Saturday, May 13, 2006

The dust settles in Beaconsfield

Until Anzac Day 2006, the primary claim to fame of the mining town of Beaconsfield, Tasmania was that it was the first place in Australia to introduce fluoridation in the water. That occurred in 1953. The town had to wait another 50 years before some serious seismic activity made it famous again.

Beaconsfield is on the north coast of Tasmania some 40km north of Launceston on the Tamar coast. Gold was first discovered on the eastern slopes of Cabbage Tree Hill, west of the current township of Beaconsfield, in 1877. An underground mine, known as the Tasmania Gold Mine, operated between 1877 and 1914. Water was the main enemy, the pumps could not keep up with the floods in the mines and this, plus the shortage of labour and materials at the onset of World War I, forced its closure and the flooding of the mine. Drilling in the 1980s discovered a new high grade lode underneath the old mine called the Tasmanian Reef. The mine reopened in 1999 after the flood damage was fixed.

Drilling below the 1000 metre level has shown that the Tasmania Reef is still regarded as the best in Australia and perhaps even the world. The quality of the lode guarantees a future for the mine. The Beaconsfield mine has been high on the crest of the gold boom posting an after-tax profit of $7.5 million last financial year.

Or at least it rode high until hit by two earthquakes. Although the Beaconsfield mine is not in active seismic zone, the April 25 incident was the second earthquake in less than six months. Leading seismologists say it is a well-established scientific fact that sustained mining induces earthquakes. The first quake occurred in October 2005 which caused a rock fall and temporary halting of operations. But there were no casualties. The April quake was roughly the same strength – 2.1 on the Richter scale. But the impact was much greater. On the evening of Anzac Day, 17 miners had been digging for ore in one of the tunnels about 925 metres below when an earthquake shattered rock around them. 14 men made it out safely, but three remained unaccounted for among the underground debris.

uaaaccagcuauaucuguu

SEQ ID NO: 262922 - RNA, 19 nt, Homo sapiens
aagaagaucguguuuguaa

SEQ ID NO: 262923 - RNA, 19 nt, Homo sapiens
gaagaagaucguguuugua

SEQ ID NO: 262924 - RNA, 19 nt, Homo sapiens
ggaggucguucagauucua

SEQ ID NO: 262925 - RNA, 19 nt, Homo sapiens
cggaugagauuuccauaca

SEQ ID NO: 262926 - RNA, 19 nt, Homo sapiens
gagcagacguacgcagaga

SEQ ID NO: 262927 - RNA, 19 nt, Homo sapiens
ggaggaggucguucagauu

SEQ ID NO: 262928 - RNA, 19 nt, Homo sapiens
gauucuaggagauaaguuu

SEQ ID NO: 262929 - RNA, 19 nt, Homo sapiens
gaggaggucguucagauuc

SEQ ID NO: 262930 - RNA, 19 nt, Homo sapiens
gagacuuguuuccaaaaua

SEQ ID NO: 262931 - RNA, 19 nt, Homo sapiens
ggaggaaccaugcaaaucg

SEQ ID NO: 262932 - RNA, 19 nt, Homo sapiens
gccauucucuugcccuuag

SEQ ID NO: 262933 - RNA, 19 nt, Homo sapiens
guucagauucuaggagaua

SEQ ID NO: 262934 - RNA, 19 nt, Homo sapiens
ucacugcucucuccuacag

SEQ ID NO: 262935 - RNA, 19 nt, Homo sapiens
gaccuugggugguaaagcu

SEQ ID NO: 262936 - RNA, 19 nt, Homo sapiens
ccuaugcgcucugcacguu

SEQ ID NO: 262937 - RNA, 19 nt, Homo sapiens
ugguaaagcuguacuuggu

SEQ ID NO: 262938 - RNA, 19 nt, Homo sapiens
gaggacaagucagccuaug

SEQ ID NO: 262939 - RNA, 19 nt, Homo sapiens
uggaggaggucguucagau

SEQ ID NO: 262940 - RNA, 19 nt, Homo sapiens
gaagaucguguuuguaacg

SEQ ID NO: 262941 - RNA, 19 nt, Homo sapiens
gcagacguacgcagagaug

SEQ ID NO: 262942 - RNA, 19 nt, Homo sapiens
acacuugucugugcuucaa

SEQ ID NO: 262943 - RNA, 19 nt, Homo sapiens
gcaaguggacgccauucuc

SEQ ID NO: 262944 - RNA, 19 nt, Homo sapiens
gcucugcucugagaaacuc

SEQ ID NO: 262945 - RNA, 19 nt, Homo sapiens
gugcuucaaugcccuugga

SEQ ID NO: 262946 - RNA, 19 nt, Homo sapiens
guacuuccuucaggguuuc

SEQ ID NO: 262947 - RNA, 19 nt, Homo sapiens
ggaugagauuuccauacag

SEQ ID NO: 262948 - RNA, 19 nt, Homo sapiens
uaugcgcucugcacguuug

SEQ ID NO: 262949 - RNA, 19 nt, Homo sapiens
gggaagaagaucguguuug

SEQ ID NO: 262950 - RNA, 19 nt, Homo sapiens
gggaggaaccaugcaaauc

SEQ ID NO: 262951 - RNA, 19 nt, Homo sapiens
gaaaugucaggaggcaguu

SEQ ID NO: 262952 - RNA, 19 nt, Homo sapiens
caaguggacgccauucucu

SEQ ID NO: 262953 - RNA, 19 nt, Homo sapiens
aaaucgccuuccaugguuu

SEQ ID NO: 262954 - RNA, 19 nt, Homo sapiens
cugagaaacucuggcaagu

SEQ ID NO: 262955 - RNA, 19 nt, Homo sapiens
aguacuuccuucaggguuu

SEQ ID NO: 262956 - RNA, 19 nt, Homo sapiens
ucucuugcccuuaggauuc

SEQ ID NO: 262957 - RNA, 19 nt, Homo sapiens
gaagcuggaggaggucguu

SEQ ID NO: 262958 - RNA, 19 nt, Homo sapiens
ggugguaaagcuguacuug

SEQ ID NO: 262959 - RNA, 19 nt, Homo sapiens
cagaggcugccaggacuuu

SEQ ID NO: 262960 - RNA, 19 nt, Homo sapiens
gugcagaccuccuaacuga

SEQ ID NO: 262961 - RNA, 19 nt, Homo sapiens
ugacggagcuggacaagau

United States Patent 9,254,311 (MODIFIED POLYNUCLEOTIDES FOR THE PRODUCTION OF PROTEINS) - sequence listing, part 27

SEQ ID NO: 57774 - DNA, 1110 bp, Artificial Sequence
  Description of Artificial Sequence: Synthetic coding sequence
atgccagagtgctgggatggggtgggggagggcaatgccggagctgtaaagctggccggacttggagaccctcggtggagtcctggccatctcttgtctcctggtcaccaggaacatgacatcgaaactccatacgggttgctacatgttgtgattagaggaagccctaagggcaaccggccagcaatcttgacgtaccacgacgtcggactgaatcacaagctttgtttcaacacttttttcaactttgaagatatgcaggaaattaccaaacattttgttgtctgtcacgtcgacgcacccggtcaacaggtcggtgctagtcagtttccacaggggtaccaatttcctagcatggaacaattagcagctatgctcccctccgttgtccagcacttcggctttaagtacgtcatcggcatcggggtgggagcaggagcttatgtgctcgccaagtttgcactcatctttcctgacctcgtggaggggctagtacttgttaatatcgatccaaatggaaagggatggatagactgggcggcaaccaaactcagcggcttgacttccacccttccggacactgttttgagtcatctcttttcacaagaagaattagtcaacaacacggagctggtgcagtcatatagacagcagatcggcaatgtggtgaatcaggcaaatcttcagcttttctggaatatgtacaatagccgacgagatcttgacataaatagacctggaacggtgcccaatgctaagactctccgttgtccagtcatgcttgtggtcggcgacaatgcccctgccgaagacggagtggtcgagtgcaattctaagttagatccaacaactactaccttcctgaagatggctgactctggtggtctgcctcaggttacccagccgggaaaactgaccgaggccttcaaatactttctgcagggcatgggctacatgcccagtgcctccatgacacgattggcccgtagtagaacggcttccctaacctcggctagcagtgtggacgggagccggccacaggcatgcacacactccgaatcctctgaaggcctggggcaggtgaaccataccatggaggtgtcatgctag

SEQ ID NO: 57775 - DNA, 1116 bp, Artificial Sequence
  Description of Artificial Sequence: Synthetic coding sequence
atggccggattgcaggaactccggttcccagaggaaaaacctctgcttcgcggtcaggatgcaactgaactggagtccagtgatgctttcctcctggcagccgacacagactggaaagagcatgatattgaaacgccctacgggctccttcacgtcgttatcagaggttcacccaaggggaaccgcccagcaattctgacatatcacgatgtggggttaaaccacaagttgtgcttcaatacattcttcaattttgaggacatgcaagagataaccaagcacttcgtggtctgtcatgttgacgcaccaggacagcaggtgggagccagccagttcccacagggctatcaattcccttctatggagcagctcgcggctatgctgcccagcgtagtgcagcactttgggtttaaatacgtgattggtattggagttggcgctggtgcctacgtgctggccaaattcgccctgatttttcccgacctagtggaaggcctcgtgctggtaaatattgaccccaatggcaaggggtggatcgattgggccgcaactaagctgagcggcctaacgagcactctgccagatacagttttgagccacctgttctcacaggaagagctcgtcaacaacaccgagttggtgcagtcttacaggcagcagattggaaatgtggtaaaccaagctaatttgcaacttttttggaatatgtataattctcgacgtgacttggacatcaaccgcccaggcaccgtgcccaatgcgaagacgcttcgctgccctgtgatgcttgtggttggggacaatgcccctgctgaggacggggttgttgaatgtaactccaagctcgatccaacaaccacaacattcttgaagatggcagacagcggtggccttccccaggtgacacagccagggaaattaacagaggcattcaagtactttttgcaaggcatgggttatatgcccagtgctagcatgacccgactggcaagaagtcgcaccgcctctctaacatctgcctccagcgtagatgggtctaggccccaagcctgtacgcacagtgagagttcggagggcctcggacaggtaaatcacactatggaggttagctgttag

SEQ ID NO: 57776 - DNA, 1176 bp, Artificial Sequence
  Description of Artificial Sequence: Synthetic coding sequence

On the following day mine manager Matthew Gill held out hope that the trapped trio might still be alive saying “there's every reason to believe that in the general area, ventilation is reasonable”. His optimism seemed unfounded when one day later, rescuers found the body of Larry Knight, one of three men unaccounted for. Here the story looked like it was petering out. It was surely only a matter of time when the other two bodies would be recovered. Then on Sunday the 30th, the extraordinary but sketchy news that "some form of radio monitoring and communication" had shown the two miners Todd Russell and Brant Webb were still alive. They had survived by drinking drips of rancid and mineralised water that run through the mine. On the Monday morning, the town erupted. Kaye Russell, Todd’s wife, enthused “They're alive, they're talking to us, they're in contact, and they're gonna get 'em out.” They had survived the rockfall thanks to the protection of a small cherry picker cage. The miners were in good spirits but they used “quite a few swear words - get us out of here, you know, it's fucking cold and cramped in here, I want to get out.”

But that wasn’t going to be easy. Rescuers were less than 12 metres from them, but had to abandon the blasting technique they had been using because of safety concerns.

Enter a new player Australian Workers' Union (AWU) national secretary and soon-to-be federal ALP MP Bill Shorten. Shorten is being groomed by Labor as the Bob Hawke of the noughties and he was onsite to co-ordinate the union response to the disaster. And because of his media skills he shared the limelight with the mine manager Gill. Shorten announced on May 1 the drilling was going slowly but surely, and could take up to another 48 hours.